Companies need to challenge the assumption that reps make good account managers, according to Parkinson. “There’s no reason why they can’t but I think you should look at account management as a different job.” It’s not automatic; it’s as different as being a salesperson and a marketer. “You’re looking for people who have got real business acumen and some strategic thinking, not just operational, and are willing to take on accountability and ownership.”

Other important qualities include customer curiosity and tenacity to drive things through, and a KAM’s confidence in the belief that they are having peer-to-peer conversations with senior customers like hospital general managers and chief executives. Confidence is not built by skills training on its own.

This ambiguity in role definitions also brings confusion for the customer. “Companies spend a lot of time initially as they start to move to this sort of business model trying to explain to the customer what’s going to be different, and then along comes somebody else with the same job title who basically just behaves like a normal rep. That really sends out a mixed message.”

Geographical factors

In the US, the real move towards KAM has only been evident over the past few years, driven by changes such as the Affordable Care Act and other reforms – and the healthcare system’s response. This has led to consolidation in the market, with the formation of ever-larger providers and the integration of insurers and providers.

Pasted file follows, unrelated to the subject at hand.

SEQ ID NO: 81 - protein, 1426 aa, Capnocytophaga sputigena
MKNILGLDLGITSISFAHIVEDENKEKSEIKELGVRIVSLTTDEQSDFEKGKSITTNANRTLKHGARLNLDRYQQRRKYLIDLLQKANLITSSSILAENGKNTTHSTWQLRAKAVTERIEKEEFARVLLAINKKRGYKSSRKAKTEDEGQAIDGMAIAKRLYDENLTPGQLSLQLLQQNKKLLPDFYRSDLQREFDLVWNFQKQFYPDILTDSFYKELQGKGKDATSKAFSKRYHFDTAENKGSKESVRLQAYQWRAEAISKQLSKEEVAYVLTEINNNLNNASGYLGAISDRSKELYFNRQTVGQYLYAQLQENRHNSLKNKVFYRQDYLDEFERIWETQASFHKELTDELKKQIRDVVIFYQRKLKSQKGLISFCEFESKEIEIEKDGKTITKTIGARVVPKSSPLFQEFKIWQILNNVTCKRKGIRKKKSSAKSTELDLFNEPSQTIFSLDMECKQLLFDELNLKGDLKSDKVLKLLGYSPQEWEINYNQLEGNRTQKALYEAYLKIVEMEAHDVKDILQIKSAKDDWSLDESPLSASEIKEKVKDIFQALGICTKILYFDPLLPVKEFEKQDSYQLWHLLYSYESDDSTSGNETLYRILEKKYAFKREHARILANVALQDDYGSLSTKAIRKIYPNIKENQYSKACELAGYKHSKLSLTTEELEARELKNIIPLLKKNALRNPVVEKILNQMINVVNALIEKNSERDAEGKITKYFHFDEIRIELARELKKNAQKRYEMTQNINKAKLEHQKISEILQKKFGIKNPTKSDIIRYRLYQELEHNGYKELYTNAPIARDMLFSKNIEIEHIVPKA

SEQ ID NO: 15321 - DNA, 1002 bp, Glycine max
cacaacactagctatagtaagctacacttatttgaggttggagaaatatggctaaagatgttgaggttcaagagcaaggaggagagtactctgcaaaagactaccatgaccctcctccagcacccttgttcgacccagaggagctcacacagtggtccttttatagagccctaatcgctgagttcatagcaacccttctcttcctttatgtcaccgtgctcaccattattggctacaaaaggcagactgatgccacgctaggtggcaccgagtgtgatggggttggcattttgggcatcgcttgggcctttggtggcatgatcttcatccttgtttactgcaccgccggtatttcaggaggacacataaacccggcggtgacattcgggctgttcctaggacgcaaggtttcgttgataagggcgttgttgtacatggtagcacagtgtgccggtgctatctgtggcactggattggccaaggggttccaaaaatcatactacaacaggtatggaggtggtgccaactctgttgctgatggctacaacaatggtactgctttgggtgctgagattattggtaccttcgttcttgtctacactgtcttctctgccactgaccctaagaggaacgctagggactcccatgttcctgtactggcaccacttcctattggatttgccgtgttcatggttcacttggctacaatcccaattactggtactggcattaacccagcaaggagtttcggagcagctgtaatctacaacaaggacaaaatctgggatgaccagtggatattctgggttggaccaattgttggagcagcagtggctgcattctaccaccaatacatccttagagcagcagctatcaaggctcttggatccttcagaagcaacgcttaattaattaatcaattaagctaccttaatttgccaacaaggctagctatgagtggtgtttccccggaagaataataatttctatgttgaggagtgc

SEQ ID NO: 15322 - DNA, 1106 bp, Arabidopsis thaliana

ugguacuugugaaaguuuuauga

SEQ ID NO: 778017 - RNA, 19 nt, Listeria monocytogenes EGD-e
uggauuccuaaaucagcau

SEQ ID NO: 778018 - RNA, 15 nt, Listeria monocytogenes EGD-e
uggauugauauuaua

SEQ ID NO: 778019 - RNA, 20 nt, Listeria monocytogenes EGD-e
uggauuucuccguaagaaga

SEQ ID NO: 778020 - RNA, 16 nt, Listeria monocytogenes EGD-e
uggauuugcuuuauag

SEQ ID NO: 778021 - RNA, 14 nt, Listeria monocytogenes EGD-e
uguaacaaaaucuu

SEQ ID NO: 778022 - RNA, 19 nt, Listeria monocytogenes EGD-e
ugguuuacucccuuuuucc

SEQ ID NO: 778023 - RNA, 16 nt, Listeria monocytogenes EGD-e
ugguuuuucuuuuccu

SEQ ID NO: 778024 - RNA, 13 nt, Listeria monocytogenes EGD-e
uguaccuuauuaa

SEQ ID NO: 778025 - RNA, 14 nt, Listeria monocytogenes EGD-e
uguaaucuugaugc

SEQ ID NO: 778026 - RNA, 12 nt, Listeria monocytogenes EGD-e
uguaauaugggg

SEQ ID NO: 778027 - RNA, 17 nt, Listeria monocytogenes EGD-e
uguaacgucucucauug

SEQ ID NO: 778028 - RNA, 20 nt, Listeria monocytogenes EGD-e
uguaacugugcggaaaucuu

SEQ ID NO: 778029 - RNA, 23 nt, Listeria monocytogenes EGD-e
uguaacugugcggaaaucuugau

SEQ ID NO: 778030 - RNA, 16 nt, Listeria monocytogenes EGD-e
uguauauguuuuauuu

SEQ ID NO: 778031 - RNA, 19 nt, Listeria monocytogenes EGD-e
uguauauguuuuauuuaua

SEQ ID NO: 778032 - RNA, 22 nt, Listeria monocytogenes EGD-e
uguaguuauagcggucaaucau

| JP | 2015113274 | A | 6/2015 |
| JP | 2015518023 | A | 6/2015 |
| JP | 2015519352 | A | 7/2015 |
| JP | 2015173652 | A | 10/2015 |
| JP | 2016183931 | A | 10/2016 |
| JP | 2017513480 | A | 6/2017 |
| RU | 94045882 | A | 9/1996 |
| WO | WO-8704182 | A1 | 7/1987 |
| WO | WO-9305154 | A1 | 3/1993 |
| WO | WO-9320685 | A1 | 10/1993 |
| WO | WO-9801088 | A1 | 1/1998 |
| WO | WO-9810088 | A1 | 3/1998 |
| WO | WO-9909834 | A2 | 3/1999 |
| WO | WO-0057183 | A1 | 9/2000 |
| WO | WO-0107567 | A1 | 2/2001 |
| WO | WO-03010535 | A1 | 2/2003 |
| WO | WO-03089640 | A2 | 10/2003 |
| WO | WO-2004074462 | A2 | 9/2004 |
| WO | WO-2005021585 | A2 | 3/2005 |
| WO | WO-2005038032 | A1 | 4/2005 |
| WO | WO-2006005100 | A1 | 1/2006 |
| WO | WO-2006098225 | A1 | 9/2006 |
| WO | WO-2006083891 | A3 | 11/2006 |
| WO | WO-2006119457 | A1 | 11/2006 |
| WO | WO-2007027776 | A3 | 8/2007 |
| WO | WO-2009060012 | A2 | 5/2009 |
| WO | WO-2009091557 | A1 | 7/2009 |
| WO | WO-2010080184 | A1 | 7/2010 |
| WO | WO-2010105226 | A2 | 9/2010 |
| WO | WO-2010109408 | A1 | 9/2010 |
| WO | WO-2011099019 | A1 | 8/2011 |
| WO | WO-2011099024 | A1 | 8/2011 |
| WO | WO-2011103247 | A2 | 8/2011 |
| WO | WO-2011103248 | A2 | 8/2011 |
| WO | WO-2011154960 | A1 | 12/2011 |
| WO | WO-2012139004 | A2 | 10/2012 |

“They’re creating really, really big – seriously big – groups and organizations. It’s quite surprising, the size of some of these groups and the control they’re now having on physicians.” The consequence is that physicians’ autonomy is being eroded.

In Europe, where healthcare systems are mostly national and free at the point of need – either publicly funded through taxation or by social insurance – the recent economic downturn “has clearly had a massive impact”. This has resulted in rising payer influence and control. At the same time, there has been a significant shift towards the specialty market. Both of these factors are influencing the way pharma needs to address the marketplace and building the momentum towards KAM.

In emerging markets, there has been a significant portfolio shift that is driving KAM, Parkinson found. “In the past they have sold into out-of-pocket-type markets – in primary-care markets patients pay for the drugs themselves; however, they’re now moving into specialist markets.” Until recently, pharma has not had to deal with insurers on a significant basis in emerging markets but specialty drugs are significantly more expensive and fall under the remit of the insurers – so companies are having to build relationships with those insurers to gain access to those markets.